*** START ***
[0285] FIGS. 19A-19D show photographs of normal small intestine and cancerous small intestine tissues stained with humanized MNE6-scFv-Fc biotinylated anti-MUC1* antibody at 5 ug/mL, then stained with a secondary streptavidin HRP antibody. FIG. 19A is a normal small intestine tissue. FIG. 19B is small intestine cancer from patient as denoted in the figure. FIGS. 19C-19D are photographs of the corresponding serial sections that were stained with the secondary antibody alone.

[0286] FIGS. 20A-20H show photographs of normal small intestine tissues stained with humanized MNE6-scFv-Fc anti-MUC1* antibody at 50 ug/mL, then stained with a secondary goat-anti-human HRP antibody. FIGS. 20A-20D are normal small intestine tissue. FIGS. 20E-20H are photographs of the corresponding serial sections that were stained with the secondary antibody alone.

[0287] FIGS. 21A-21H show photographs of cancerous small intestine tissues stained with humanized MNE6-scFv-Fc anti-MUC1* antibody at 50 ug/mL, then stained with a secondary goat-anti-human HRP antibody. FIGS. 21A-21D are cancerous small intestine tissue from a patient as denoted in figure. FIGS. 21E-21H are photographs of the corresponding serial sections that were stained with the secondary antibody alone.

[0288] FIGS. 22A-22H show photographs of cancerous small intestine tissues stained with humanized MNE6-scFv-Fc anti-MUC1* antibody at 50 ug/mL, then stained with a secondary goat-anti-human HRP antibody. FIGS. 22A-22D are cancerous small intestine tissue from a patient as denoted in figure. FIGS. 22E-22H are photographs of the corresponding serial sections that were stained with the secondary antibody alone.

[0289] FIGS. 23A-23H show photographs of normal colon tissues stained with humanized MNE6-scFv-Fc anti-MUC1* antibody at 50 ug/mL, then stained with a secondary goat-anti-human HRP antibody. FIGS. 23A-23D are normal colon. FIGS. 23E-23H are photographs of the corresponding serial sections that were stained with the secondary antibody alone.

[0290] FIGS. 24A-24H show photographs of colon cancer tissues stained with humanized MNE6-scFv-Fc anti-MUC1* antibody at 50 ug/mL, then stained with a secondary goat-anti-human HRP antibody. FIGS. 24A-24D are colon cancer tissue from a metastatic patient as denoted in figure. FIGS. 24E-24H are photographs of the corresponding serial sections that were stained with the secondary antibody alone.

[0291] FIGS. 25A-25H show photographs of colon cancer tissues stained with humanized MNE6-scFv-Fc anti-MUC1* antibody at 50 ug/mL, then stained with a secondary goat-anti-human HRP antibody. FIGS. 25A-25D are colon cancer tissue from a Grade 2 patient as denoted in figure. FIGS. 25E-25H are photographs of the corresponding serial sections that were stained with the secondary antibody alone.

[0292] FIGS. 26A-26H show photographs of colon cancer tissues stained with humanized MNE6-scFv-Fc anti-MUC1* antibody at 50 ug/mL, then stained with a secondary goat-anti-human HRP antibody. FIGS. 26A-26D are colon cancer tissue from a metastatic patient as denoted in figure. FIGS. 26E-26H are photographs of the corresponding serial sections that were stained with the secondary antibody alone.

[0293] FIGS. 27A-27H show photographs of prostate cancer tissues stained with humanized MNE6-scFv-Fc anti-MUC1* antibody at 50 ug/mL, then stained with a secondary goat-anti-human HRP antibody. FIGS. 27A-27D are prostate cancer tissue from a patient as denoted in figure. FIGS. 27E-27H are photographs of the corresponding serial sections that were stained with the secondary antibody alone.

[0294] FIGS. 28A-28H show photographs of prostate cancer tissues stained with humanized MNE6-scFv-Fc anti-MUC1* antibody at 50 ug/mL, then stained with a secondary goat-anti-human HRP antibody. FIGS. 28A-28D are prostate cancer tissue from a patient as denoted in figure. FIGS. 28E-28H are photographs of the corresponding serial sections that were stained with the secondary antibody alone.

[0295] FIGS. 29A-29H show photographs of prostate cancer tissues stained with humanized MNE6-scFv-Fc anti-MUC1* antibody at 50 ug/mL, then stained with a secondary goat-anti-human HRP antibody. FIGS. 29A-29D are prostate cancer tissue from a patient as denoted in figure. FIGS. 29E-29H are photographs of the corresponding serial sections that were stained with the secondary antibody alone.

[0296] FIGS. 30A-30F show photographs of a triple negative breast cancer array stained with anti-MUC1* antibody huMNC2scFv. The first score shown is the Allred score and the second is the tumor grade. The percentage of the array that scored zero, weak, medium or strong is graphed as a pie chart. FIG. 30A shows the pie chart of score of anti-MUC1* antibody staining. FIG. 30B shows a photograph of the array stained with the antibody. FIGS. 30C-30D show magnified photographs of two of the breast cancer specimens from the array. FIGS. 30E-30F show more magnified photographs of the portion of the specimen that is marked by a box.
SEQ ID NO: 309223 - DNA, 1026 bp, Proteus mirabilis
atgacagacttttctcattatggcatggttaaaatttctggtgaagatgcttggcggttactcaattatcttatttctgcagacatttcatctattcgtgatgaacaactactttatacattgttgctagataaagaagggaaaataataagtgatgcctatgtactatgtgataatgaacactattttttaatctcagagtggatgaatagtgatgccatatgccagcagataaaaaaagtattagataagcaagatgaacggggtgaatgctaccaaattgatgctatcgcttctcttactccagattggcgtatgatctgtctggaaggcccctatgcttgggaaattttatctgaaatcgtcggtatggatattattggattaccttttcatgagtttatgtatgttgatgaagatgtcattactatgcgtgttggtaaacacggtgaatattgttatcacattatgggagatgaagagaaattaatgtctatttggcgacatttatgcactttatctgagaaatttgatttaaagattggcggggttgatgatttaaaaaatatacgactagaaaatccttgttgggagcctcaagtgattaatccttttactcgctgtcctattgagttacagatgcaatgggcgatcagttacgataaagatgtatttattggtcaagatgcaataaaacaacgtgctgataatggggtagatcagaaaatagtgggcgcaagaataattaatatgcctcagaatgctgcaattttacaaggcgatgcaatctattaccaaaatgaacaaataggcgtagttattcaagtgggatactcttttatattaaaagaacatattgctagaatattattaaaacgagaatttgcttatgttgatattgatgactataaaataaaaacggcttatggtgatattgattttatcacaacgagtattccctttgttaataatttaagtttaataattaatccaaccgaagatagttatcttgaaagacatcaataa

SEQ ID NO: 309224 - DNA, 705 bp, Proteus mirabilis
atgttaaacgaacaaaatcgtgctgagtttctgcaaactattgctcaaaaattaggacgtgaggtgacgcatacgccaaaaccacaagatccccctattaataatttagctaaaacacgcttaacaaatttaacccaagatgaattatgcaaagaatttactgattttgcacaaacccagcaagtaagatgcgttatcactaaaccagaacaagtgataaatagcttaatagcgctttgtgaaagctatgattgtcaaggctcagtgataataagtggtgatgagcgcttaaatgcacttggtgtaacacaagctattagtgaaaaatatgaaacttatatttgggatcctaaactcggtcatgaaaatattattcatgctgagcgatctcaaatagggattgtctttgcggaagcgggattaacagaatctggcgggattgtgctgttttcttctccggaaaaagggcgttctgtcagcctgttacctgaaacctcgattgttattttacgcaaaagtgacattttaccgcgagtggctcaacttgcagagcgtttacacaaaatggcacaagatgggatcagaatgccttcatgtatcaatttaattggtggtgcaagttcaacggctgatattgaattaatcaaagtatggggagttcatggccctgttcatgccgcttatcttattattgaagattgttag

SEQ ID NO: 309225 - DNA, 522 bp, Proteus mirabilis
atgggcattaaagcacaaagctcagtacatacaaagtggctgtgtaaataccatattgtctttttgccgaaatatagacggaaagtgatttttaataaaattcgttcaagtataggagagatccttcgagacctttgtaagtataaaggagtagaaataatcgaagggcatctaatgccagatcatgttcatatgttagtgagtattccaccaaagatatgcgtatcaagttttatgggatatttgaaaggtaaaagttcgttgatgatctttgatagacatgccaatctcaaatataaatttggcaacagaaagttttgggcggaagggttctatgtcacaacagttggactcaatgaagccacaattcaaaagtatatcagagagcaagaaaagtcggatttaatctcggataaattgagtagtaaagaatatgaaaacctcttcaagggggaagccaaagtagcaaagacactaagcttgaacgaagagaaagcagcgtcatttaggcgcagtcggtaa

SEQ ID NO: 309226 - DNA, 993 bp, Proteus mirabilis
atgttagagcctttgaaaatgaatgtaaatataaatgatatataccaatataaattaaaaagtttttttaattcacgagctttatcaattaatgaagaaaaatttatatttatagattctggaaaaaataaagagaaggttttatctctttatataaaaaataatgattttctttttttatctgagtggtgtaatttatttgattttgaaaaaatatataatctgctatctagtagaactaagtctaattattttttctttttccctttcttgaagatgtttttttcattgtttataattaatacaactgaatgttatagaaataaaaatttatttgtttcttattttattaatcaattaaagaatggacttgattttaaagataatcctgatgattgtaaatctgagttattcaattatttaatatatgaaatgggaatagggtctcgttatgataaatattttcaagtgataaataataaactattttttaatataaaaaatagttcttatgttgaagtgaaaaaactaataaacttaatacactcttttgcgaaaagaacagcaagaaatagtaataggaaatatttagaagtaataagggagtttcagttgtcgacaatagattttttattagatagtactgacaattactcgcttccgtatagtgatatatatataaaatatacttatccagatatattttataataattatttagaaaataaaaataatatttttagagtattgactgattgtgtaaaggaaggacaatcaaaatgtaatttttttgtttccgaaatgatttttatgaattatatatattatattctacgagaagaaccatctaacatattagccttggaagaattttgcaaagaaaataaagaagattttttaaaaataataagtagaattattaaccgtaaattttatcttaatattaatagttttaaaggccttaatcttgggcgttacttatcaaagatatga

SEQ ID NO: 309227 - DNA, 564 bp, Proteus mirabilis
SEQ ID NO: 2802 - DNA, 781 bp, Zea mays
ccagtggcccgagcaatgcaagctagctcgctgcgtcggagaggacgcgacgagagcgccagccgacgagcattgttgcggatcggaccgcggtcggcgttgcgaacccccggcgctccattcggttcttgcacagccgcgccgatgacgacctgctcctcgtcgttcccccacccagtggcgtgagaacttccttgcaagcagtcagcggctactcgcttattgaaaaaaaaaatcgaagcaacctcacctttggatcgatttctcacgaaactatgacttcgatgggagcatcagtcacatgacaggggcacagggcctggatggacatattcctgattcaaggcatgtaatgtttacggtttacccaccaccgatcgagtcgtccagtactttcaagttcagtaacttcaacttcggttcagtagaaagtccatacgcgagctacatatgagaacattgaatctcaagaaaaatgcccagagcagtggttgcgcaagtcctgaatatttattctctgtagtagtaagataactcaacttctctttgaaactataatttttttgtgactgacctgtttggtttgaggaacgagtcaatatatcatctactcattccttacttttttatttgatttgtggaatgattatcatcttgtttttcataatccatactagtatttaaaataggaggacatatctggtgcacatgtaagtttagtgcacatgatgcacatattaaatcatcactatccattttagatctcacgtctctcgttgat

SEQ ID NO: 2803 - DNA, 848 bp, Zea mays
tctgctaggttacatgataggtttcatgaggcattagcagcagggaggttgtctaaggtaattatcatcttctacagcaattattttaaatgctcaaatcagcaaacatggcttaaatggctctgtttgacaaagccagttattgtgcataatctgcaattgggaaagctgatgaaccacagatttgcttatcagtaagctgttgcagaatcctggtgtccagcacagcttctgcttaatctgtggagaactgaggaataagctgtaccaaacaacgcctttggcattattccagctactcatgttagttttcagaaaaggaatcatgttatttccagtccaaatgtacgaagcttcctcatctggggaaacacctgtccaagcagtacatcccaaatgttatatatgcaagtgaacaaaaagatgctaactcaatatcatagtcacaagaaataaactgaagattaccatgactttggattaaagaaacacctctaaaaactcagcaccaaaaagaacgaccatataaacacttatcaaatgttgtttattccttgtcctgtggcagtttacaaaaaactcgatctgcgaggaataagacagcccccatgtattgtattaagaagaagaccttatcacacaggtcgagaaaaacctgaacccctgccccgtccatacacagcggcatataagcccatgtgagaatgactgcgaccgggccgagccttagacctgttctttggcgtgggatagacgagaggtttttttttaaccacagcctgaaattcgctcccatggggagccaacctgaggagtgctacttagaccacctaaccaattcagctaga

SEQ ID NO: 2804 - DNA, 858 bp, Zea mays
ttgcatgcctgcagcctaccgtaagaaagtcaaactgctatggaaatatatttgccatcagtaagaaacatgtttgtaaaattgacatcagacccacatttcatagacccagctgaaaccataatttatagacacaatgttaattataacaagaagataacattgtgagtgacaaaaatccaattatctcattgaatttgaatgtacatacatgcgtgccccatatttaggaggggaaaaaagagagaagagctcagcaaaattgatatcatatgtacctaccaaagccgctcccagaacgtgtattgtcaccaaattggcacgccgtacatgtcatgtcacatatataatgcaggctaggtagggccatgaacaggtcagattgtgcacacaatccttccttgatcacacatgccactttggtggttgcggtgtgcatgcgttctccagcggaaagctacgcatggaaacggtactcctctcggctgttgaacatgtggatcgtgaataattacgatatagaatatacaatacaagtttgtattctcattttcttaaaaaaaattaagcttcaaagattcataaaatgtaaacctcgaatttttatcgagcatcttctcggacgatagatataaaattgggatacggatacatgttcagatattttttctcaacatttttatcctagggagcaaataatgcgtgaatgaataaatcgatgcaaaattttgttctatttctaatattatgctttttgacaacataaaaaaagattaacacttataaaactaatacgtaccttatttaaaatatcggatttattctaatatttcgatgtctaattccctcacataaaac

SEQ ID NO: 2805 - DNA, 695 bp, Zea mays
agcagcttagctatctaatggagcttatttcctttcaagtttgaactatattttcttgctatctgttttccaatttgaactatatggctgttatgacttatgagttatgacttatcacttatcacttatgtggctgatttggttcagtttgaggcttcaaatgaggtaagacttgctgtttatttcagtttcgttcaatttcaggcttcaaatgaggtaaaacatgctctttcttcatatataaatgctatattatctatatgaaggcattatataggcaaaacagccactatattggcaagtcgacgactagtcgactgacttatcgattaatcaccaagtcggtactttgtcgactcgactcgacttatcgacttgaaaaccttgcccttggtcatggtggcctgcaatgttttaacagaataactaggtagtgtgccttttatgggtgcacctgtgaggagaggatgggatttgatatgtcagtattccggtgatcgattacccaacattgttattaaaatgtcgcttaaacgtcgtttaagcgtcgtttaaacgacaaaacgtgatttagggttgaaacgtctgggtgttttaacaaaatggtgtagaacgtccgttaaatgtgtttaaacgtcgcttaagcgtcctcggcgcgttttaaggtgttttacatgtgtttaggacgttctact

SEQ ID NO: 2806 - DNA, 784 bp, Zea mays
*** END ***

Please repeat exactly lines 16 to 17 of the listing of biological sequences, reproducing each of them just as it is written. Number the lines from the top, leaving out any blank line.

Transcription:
atgttaaacgaacaaaatcgtgctgagtttctgcaaactattgctcaaaaattaggacgtgaggtgacgcatacgccaaaaccacaagatccccctattaataatttagctaaaacacgcttaacaaatttaacccaagatgaattatgcaaagaatttactgattttgcacaaacccagcaagtaagatgcgttatcactaaaccagaacaagtgataaatagcttaatagcgctttgtgaaagctatgattgtcaaggctcagtgataataagtggtgatgagcgcttaaatgcacttggtgtaacacaagctattagtgaaaaatatgaaacttatatttgggatcctaaactcggtcatgaaaatattattcatgctgagcgatctcaaatagggattgtctttgcggaagcgggattaacagaatctggcgggattgtgctgttttcttctccggaaaaagggcgttctgtcagcctgttacctgaaacctcgattgttattttacgcaaaagtgacattttaccgcgagtggctcaacttgcagagcgtttacacaaaatggcacaagatgggatcagaatgccttcatgtatcaatttaattggtggtgcaagttcaacggctgatattgaattaatcaaagtatggggagttcatggccctgttcatgccgcttatcttattattgaagattgttag

SEQ ID NO: 309225 - DNA, 522 bp, Proteus mirabilis